Do President Bush and so-called “global warming” have anything to do with the catastrophic damage caused by Hurricane Katrina?
Climate change devastated New York City in last year’s fictional ‘The Day After Tomorrow’ (courtesy: 20th Century Fox)
Yes, according to some politicians and public figures, who are already politicizing the disaster.
Among them is Robert F. Kennedy Jr., a lawyer and environmentalist who is a host on the Air America Radio network.
Robert F. Kennedy Jr.
“The science is clear,” writes Kennedy, son of slain New York Sen. Robert F. Kennedy, in a commentary at HuffingtonPost.com. “This month, a study published in the journal Nature by a renowned MIT climatologist linked the increasing prevalence of destructive hurricanes to human-induced global warming.”
Kennedy cites a 2001 memo sent to President Bush from Haley Barbour, the governor of Mississippi – a state devastated by Katrina – arguing against the regulation of carbon-dioxide gases, saying Barbour himself derided the idea of regulating CO2 as “eco-extremism.”
“Now we are all learning what it’s like to reap the whirlwind of fossil-fuel dependence which Barbour and his cronies have encouraged. Our destructive addiction has given us a catastrophic war in the Middle East and – now – Katrina is giving our nation a glimpse of the climate chaos we are bequeathing our children.”
Ross Gelbspan, author of ”The Heat Is On” and ”Boiling Point,” agrees with Kennedy, saying Katrina’s “real name is global warming.”
“Unfortunately, very few people in America know the real name of Hurricane Katrina because the coal and oil industries have spent millions of dollars to keep the public in doubt about the issue,” Gelbspan said.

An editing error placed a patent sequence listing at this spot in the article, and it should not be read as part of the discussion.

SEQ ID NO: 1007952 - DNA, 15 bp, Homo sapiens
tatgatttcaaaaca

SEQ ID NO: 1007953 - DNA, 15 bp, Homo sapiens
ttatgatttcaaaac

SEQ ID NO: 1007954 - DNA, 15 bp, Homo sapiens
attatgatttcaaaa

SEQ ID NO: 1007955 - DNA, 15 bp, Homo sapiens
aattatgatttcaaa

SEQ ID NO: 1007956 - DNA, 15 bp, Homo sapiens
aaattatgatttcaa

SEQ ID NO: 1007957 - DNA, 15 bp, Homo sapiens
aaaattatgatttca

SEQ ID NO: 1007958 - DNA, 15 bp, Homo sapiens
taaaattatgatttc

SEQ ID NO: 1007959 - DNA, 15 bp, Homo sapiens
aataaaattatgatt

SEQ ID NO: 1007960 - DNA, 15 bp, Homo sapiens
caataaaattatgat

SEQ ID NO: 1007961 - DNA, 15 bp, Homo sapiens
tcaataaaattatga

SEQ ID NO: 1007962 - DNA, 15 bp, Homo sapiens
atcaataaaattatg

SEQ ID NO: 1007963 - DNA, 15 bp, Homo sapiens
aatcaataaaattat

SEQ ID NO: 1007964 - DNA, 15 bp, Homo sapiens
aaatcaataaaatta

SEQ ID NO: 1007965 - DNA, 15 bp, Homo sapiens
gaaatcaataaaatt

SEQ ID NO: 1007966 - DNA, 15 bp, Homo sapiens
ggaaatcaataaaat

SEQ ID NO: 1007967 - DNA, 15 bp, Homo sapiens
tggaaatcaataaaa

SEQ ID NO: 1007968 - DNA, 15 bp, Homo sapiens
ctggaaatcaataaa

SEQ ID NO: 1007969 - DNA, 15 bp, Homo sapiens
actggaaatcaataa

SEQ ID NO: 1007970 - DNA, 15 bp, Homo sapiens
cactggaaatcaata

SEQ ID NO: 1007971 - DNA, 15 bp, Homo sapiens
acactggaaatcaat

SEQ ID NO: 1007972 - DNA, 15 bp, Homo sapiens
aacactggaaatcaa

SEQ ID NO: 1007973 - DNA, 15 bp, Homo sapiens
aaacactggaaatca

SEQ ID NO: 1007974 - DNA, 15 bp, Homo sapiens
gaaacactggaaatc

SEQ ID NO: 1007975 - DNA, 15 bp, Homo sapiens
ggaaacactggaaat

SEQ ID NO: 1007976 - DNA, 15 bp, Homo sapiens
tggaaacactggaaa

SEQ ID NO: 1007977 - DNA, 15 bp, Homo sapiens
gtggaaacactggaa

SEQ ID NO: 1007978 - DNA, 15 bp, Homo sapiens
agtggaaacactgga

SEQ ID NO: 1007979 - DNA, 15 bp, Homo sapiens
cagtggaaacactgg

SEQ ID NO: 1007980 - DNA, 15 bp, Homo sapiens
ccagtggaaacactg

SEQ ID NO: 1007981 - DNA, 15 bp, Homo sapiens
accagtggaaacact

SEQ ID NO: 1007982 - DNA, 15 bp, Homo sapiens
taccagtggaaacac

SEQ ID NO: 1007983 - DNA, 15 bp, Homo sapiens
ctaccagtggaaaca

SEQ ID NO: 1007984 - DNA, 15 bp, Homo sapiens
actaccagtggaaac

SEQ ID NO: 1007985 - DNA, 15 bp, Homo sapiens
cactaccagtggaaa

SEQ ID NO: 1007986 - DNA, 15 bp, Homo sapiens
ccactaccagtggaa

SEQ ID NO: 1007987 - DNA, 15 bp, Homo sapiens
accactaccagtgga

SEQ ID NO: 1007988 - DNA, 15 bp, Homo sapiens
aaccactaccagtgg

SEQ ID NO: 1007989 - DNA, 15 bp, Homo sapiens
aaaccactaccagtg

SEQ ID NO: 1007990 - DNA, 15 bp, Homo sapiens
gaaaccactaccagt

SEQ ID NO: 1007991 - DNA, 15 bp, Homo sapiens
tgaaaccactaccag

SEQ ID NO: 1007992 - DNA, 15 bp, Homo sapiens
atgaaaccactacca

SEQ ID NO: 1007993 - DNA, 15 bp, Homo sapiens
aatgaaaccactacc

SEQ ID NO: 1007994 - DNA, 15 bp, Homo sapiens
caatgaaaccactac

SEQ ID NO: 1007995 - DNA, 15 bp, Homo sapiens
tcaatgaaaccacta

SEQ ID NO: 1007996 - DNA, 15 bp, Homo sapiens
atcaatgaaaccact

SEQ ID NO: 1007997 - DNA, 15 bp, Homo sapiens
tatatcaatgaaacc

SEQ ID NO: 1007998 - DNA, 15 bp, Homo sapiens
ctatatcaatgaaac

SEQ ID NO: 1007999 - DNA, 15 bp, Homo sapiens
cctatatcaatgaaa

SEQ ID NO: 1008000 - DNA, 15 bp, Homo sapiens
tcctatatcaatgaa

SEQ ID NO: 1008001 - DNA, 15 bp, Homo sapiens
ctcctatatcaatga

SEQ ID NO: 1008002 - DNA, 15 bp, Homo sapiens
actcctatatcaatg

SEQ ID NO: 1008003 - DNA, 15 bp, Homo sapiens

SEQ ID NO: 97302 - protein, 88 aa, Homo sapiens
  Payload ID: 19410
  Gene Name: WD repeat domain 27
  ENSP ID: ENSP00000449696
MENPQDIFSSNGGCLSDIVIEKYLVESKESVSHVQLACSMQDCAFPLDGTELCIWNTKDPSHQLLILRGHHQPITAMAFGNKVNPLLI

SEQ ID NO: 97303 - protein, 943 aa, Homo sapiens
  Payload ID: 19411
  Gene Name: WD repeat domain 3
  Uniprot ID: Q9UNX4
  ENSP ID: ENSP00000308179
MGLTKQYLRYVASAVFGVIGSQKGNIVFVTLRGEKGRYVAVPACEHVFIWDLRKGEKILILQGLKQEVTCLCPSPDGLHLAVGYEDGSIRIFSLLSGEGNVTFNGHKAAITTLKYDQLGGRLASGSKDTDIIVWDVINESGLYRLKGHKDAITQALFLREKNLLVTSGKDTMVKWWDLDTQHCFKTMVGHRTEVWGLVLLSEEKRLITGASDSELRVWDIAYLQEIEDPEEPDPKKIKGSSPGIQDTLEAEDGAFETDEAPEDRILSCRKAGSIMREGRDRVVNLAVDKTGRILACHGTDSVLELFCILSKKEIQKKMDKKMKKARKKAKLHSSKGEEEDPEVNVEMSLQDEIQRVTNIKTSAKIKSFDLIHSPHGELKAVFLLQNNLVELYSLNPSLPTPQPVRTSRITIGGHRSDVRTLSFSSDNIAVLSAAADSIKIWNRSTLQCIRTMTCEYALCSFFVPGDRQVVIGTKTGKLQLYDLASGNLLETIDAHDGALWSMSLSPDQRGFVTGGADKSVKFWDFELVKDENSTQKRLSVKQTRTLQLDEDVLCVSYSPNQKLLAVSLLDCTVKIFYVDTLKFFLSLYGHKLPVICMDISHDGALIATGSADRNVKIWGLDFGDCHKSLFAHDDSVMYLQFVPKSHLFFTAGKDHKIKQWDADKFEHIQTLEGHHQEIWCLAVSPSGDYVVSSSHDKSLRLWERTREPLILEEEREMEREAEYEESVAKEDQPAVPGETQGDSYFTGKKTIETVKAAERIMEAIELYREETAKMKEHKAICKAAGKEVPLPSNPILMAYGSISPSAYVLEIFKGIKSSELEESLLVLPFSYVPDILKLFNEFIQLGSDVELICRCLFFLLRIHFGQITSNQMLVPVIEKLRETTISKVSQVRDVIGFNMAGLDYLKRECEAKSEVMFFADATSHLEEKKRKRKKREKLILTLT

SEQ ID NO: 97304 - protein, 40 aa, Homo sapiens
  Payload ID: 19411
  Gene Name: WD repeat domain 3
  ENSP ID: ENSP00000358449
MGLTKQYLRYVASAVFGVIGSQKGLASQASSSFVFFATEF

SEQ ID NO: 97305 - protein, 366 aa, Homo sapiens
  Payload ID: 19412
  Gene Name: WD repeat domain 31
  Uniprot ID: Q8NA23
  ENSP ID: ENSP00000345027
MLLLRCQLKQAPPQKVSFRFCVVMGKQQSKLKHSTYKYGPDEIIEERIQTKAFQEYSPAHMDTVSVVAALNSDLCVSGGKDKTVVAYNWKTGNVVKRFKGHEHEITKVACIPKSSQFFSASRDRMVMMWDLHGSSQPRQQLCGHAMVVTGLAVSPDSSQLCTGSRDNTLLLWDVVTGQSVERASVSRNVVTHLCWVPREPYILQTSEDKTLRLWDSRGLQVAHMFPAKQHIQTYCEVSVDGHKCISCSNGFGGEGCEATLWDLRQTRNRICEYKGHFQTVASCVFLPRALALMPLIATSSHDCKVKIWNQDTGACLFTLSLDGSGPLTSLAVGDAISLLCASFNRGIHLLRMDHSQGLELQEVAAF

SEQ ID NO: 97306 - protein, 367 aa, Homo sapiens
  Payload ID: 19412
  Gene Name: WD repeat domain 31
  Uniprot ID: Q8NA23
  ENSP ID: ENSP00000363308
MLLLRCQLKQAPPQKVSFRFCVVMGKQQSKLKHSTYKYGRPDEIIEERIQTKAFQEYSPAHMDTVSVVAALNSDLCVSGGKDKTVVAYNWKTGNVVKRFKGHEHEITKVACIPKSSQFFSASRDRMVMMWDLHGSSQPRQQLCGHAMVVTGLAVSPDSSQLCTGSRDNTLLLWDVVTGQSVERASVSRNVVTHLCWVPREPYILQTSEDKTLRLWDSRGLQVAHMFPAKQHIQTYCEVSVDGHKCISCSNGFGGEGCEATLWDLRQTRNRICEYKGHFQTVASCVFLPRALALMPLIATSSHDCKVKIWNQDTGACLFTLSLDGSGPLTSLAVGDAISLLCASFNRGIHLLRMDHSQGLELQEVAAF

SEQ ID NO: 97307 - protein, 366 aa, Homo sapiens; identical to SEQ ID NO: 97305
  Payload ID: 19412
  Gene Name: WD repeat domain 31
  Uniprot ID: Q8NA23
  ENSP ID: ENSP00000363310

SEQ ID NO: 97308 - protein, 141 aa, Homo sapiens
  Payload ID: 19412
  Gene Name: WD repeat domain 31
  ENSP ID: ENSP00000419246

He noted even though the storm started small, “it was supercharged with extraordinary intensity by the relatively blistering sea surface temperatures in the Gulf of Mexico.”
And from overseas, Germany’s Environmental Minister J?rgen Trittin held nothing back in his assault on Bush, stating, “The Bush government rejects international climate protection goals by insisting that imposing them would negatively impact the American economy. The American president is closing his eyes to the economic and human costs his land and the world economy are suffering under natural catastrophes like Katrina and because of neglected environmental policies.”
Climatologist Patrick Michaels of the University of Virginia, a well-known critic of the theory of global warming, appeared on Fox News’ “Special Edition” to dispel the notion of that any alleged climate change had anything to do with Hurricane Katrina. He said if global warming were indeed a global phenomenon that increased hurricane activity and strength, then the change would be measurable in storms across the entire planet.
A New York Times article quoted hurricane forecaster William Gray, a professor of atmospheric science at Colorado State University, as saying the recent onslaught “is very much natural.”
The severity of hurricane seasons changes with cycles of temperatures of several decades in the Atlantic Ocean, the article noted.
This week, radio giant Rush Limbaugh predicted a barrage of claims suggesting climate change was an underlying cause for the storm:
I was watching one of the networks, I forget which, and they went to Max Mayfield, this guy that runs the National Hurricane Center in Miami, and the reporter said, “Max! Max! What about global warming?” and you could see he looked disgusted, or annoyed. He looked annoyed with the question. “No, no, no. Global warming? We’re not talking about global warming here,” but nevertheless you can be prepared for the left to go full speed into their agenda blaming Bush for it, the government for it, and nature for it – essentially us – for what happened here, and then full-fledged liberalism will be proposed to fix everything that has been broken and replace things that have been destroyed.
Online reaction to Kennedy’s comments are mixed.